One of a number of starship hull test images. I made these images to explore variations in greebling and hull plate shapes and configurations. The tests are a little less practical and a little more abstract, but they have been really helpful, and should be a great source of inspiration and practical experience the next time I decide to make a full fledged 3d model of a starship, space station or even a mechanized planet. 90% of this is painted in 2d inside photoshop, some pipes are rendered from 3dsmax and then photobashed into place to create more complex configurations, and many patterns were inspired or produced by Darktree, Bercon Noise and Filterforge procedurals.

Monday, March 27, 2017

Thanks for everyone who attended the IAMAG Master Classes 2017

I just wanted to say a huge thank you to Patrice and Ben for organizing and inviting me as a speaker to the IAMAG 2017 Master Classes, I had a great time. Also a huge thanks to everyone who watched and gave me feedback on my talk: "The Story Of Inc: Developing Your IP with an Illustrated Novel", all the students who came by to get a critique, and all the other speakers, who not only gave excellent talks, but were also extra cool at the dinners and hang out events afterwards. Here's a few highlights from the show...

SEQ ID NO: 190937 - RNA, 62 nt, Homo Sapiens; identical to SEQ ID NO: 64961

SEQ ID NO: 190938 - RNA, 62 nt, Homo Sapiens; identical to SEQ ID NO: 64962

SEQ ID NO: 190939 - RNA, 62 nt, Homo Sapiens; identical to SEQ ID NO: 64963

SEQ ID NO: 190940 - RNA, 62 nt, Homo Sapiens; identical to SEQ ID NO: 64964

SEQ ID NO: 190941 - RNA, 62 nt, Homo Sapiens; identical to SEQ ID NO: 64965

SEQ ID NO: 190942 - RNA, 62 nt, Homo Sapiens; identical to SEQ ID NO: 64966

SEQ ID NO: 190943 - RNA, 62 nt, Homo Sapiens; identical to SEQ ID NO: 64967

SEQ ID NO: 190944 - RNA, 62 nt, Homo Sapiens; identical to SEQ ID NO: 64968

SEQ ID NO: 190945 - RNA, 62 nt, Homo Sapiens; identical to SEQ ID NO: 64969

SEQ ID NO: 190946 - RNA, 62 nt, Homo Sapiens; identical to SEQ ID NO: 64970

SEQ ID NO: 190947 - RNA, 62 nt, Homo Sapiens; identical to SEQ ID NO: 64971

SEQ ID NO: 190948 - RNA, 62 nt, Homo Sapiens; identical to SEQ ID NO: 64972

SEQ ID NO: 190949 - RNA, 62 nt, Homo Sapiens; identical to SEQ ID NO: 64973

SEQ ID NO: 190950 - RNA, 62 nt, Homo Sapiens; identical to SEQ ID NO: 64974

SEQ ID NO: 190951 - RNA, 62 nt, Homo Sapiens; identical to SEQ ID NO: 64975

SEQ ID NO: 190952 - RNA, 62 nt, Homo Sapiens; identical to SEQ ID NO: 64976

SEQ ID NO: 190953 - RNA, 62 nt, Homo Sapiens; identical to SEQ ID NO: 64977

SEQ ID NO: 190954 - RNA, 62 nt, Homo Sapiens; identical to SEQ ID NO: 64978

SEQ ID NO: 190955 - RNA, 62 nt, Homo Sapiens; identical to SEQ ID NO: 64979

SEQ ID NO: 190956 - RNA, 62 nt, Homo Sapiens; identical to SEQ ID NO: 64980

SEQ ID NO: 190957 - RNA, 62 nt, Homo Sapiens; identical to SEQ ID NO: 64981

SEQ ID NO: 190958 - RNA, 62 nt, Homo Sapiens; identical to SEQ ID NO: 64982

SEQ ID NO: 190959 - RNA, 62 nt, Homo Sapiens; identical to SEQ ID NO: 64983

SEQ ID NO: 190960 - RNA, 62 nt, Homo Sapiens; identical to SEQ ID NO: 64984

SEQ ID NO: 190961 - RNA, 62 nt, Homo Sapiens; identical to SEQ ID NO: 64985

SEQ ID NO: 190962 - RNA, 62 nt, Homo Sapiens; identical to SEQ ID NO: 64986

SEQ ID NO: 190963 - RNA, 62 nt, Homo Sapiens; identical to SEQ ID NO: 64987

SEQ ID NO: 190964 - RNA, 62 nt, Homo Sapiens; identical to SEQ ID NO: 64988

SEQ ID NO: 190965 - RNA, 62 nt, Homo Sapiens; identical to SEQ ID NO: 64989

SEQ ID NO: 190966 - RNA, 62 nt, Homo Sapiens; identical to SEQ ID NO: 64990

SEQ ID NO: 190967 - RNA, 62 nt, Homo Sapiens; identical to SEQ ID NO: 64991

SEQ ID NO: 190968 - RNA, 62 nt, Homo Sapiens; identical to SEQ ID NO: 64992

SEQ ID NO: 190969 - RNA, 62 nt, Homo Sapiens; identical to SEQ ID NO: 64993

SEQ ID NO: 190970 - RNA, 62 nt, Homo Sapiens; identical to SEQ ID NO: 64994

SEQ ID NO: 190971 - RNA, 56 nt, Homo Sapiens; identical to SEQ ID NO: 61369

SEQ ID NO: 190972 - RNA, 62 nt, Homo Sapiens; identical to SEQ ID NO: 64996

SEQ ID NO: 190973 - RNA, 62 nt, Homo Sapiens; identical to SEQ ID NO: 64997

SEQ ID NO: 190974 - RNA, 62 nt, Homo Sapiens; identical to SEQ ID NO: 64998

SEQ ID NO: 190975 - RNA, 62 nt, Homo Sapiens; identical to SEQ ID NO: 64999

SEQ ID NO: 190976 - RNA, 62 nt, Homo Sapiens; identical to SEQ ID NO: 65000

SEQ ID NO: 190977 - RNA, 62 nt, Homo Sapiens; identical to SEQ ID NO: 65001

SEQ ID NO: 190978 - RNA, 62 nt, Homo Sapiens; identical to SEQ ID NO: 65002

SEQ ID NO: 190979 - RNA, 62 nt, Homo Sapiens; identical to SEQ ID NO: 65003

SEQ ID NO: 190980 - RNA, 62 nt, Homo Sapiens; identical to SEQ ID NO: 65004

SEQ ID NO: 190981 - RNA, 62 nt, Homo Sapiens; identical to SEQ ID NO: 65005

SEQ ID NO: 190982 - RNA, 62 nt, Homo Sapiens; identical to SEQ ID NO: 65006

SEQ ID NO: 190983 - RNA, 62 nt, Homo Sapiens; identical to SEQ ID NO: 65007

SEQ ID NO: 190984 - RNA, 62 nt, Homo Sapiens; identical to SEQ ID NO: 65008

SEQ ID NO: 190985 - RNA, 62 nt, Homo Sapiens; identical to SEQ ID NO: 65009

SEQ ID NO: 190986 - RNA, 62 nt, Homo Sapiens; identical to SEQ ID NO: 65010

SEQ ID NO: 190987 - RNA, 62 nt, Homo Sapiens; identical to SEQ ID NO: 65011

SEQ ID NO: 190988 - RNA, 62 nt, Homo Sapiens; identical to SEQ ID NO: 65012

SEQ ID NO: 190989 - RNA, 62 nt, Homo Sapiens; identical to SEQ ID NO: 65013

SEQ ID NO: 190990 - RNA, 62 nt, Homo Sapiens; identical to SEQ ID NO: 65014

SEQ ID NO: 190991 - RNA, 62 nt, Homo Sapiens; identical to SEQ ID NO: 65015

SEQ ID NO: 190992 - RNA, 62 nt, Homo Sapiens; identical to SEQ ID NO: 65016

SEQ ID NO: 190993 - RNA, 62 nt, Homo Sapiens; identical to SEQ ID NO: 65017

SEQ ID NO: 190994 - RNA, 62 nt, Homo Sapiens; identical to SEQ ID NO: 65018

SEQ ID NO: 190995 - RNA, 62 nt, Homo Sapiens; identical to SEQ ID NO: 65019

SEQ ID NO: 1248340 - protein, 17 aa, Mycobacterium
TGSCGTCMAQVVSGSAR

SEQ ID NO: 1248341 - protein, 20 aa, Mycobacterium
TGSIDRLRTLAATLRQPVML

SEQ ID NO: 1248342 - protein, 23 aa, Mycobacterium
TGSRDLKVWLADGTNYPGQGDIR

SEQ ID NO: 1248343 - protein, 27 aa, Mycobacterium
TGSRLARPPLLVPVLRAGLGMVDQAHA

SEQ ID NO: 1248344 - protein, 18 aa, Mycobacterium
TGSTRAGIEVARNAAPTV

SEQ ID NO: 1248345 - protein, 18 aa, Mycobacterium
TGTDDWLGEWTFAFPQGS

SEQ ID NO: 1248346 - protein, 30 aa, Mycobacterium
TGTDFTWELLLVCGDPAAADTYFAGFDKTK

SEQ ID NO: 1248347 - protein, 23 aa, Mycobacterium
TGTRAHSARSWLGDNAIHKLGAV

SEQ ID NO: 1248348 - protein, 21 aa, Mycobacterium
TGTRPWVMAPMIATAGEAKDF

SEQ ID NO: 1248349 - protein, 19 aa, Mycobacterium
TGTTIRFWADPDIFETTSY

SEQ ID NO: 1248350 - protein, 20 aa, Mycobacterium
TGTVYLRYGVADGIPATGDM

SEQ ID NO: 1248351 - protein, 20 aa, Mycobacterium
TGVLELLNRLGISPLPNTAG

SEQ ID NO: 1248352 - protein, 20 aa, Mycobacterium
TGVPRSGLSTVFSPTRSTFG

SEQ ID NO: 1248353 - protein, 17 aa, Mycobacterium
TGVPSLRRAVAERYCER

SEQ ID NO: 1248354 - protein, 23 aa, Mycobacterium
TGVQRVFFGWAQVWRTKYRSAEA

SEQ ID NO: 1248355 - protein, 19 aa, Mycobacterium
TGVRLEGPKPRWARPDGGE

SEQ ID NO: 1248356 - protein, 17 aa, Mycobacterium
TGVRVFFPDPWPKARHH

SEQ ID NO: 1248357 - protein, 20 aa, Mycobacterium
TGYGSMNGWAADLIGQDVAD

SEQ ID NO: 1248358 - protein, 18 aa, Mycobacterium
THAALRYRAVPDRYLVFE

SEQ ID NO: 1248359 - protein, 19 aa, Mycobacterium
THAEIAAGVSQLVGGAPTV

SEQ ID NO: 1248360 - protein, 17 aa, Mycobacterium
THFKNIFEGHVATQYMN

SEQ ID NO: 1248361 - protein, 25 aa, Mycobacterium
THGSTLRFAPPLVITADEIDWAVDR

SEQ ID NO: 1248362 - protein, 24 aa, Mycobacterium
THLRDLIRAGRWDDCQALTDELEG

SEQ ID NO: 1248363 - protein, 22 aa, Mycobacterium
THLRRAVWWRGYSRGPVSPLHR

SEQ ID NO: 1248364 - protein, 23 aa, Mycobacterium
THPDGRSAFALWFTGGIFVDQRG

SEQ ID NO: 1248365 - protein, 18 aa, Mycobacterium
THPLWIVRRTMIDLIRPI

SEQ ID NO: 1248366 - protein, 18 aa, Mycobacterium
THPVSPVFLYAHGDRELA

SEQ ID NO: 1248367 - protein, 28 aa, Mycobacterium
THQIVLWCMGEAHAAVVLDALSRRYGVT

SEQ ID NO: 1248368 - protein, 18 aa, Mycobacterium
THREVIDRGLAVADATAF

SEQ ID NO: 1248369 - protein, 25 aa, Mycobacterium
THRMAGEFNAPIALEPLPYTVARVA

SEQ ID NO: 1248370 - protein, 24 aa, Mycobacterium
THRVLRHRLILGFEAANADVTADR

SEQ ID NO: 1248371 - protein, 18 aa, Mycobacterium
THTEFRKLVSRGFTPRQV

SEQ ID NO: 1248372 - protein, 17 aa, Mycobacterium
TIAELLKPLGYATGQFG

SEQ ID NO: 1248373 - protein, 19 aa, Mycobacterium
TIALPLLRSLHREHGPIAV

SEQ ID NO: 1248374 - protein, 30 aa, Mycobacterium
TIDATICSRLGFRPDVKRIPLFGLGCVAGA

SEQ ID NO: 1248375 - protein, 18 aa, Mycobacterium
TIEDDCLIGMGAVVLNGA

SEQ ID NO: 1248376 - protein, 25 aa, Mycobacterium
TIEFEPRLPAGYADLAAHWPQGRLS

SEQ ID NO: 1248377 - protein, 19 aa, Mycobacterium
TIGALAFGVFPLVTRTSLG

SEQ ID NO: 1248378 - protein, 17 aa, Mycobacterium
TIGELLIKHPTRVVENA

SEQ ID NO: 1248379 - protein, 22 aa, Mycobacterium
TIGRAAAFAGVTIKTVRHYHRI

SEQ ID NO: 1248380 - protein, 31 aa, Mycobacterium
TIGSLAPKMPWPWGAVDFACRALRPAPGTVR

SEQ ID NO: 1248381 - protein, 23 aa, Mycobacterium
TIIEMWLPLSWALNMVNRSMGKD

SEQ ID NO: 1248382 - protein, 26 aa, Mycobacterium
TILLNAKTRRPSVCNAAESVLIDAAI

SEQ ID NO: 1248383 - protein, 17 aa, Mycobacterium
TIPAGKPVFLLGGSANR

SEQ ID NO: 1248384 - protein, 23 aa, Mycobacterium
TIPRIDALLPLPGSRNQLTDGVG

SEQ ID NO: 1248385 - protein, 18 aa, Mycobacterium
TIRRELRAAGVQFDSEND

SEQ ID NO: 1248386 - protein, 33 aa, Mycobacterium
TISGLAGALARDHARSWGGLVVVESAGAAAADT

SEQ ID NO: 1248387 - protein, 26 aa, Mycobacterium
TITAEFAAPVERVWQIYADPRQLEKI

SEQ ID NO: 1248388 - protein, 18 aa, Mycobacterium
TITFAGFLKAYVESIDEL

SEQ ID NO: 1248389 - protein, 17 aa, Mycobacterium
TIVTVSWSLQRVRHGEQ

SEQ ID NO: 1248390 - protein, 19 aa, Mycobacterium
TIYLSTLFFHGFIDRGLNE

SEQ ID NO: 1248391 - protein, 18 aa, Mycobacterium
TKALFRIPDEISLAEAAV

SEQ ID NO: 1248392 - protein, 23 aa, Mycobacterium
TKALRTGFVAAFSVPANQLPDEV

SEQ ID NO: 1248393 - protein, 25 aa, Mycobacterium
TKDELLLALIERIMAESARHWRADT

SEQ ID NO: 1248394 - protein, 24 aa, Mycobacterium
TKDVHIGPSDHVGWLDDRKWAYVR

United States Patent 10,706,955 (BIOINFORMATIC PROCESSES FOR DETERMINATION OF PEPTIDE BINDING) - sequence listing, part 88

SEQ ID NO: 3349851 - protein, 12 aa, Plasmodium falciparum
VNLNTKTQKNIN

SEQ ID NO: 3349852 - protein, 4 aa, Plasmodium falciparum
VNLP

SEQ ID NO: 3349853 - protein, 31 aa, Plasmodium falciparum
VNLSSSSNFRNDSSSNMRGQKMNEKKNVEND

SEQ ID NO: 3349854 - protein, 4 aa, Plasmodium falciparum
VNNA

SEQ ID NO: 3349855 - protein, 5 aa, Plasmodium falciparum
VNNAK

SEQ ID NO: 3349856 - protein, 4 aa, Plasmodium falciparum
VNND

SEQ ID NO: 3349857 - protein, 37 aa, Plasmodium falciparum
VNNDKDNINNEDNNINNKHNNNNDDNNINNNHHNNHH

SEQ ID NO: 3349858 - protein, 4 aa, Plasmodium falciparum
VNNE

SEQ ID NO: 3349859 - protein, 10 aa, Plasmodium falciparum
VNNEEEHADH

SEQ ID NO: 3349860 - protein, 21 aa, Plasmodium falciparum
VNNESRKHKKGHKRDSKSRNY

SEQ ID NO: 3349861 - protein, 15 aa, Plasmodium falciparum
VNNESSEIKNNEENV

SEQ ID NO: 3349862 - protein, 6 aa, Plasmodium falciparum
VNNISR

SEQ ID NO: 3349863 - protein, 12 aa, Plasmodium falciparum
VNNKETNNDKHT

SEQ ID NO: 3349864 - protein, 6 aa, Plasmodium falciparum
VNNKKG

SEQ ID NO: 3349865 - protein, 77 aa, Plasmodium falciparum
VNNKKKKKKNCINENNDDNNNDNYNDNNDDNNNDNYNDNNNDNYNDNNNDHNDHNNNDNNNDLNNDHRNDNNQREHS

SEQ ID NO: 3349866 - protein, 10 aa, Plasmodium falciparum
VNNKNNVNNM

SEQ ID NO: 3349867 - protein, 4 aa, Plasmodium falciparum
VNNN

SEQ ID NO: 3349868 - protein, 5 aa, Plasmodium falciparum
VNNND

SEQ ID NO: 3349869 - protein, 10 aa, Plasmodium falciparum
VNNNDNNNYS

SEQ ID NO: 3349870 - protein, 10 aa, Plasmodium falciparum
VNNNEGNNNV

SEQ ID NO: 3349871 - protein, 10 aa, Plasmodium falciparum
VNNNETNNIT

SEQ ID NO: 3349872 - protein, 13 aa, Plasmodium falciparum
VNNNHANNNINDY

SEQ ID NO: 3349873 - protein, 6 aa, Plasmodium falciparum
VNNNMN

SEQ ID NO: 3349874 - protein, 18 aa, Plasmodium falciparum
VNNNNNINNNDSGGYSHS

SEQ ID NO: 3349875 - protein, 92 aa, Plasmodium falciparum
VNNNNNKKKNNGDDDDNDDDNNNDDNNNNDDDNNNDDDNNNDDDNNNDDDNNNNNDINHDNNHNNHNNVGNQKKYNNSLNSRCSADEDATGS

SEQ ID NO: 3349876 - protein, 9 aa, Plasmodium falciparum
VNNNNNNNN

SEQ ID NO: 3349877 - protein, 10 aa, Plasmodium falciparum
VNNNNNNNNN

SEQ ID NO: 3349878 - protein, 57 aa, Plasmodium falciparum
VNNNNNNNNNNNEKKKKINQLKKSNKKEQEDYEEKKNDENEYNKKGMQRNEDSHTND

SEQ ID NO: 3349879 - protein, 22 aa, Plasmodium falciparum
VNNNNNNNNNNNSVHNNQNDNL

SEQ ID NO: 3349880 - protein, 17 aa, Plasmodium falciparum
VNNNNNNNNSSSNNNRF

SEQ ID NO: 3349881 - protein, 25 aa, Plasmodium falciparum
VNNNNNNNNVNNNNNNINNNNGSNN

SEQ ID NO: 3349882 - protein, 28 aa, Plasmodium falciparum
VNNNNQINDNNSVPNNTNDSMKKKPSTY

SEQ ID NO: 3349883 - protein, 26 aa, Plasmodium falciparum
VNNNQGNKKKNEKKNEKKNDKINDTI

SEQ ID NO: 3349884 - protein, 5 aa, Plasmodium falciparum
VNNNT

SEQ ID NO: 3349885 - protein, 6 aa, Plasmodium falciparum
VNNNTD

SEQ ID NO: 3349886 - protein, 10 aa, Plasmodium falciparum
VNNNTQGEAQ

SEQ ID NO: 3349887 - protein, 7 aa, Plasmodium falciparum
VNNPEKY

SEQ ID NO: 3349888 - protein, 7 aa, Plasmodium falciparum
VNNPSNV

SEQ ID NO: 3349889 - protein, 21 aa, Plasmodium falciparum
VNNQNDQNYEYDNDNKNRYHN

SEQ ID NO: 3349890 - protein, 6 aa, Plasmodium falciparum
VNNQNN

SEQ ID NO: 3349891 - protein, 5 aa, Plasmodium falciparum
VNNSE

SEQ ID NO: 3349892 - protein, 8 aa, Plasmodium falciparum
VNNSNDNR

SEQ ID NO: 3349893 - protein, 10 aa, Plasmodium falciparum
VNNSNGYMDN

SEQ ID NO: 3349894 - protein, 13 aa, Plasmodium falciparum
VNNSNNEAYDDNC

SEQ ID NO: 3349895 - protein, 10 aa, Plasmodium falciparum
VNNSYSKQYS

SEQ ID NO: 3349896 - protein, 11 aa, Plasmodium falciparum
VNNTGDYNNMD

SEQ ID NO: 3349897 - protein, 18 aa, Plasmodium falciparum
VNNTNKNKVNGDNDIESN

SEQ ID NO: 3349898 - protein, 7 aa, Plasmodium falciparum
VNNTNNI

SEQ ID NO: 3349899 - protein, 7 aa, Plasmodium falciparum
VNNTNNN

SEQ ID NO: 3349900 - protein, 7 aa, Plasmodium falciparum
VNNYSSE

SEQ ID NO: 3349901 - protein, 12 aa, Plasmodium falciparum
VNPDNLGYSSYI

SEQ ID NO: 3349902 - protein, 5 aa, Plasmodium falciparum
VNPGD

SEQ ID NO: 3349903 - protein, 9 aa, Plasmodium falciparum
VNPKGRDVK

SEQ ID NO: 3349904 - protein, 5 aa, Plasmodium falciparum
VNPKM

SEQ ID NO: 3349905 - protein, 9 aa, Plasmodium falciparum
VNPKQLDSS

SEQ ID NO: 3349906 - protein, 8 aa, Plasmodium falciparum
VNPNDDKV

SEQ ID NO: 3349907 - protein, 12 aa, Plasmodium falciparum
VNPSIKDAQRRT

- Goro's VR talk: First off Goro is just the most enthusiastic guy ever, seeing him work in Quill in VR was just a pleasure, how fast and natural he was, he gives a really great sense of where the tech is going in the future. If you haven't painted or sculpted in VR yet, find a way to do it, it's fantastic.